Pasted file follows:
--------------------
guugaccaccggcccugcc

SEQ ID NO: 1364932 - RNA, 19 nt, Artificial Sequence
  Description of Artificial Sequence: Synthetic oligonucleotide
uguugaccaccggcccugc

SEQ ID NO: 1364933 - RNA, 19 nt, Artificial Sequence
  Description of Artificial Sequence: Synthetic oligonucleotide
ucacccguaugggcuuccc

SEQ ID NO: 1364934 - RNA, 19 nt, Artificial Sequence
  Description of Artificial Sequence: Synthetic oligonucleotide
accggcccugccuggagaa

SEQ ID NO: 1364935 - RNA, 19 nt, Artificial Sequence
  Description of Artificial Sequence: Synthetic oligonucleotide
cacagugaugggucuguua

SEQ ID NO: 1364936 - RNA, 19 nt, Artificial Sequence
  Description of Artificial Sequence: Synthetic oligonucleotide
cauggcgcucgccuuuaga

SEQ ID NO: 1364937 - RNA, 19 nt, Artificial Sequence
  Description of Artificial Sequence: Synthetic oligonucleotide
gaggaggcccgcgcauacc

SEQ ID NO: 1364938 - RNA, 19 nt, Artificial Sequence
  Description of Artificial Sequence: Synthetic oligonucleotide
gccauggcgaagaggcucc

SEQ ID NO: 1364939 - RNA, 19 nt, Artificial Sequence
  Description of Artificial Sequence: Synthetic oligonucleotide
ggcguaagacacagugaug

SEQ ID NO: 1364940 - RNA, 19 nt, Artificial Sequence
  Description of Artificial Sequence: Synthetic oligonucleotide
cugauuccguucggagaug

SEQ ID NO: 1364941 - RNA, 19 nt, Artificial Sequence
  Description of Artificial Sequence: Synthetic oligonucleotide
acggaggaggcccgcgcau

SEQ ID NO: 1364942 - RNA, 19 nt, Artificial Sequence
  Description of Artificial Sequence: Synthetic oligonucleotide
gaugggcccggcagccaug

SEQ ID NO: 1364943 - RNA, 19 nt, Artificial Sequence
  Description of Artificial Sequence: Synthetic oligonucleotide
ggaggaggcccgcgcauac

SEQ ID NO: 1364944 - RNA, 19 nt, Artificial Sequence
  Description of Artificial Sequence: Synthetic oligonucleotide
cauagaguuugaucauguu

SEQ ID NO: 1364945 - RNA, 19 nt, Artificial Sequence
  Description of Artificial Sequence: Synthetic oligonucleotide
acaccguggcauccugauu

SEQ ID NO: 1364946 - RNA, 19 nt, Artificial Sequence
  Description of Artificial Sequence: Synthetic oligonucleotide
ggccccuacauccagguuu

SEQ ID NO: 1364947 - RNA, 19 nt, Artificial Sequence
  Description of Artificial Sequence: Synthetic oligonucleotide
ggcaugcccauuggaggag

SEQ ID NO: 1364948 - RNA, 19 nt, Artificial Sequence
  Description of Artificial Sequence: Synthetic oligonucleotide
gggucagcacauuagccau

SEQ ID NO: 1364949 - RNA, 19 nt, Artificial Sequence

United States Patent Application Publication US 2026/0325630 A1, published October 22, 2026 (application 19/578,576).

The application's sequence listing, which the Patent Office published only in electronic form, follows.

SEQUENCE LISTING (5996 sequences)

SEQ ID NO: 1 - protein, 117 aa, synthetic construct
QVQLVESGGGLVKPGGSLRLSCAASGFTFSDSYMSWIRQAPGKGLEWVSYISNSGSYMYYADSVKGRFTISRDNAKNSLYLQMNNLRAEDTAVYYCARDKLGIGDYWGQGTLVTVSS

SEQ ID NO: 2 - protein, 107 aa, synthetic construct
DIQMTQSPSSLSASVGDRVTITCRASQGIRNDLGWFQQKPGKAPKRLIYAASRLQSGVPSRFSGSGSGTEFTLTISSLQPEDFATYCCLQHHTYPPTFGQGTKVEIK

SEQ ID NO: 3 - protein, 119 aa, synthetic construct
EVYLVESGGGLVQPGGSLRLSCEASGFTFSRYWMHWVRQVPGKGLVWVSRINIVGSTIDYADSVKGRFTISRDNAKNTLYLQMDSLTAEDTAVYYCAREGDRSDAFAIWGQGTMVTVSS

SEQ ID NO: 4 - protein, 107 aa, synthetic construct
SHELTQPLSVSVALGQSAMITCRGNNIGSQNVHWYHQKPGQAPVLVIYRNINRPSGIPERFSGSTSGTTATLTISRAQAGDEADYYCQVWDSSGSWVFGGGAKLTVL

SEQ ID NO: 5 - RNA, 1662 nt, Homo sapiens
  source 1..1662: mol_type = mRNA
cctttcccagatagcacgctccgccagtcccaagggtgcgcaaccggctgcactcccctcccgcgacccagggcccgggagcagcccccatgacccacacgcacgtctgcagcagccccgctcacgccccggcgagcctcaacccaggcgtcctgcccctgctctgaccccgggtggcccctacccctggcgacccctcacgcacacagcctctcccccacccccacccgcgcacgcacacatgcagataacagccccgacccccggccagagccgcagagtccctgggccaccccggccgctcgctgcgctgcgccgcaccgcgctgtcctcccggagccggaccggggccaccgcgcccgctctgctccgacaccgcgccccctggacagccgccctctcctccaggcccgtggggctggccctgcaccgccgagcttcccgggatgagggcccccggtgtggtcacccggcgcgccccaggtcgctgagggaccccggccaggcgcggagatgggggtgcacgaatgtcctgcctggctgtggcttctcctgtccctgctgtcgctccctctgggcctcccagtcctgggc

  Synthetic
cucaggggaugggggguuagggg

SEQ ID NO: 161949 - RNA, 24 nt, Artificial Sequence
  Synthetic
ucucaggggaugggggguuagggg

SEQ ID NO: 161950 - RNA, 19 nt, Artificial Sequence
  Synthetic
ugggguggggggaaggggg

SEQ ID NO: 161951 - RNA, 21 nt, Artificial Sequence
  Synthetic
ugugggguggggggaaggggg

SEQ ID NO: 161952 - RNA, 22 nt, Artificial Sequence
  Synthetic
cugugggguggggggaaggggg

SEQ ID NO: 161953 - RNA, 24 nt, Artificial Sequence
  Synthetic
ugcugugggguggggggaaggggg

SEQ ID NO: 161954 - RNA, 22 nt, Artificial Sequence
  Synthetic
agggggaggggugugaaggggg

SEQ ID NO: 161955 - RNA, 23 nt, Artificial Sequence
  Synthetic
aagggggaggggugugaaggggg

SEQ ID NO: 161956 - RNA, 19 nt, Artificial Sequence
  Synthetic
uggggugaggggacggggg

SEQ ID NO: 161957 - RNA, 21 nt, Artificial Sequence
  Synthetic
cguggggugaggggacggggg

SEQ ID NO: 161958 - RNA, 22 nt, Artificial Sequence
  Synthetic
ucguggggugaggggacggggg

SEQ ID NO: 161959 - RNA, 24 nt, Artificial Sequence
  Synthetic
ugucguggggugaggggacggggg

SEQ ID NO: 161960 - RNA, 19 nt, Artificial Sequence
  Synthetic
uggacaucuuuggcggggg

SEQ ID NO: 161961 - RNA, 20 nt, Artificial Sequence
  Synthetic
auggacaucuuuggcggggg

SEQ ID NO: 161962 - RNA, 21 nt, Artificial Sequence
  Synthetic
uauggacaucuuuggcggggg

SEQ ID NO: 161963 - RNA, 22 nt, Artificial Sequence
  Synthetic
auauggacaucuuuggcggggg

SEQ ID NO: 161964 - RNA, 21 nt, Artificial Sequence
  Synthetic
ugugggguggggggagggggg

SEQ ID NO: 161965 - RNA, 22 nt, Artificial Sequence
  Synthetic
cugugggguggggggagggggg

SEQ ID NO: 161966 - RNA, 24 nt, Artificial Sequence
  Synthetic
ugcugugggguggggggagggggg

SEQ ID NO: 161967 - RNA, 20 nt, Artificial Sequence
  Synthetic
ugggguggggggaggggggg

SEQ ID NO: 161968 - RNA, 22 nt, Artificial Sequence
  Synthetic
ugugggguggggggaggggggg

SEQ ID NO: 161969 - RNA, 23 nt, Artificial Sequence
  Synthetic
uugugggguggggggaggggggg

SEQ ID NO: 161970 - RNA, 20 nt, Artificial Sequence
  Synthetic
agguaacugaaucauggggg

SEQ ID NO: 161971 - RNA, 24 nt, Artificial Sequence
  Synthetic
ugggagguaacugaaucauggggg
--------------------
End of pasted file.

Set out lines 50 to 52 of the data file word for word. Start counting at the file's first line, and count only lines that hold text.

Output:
SEQ ID NO: 1364948 - RNA, 19 nt, Artificial Sequence
  Description of Artificial Sequence: Synthetic oligonucleotide
gggucagcacauuagccau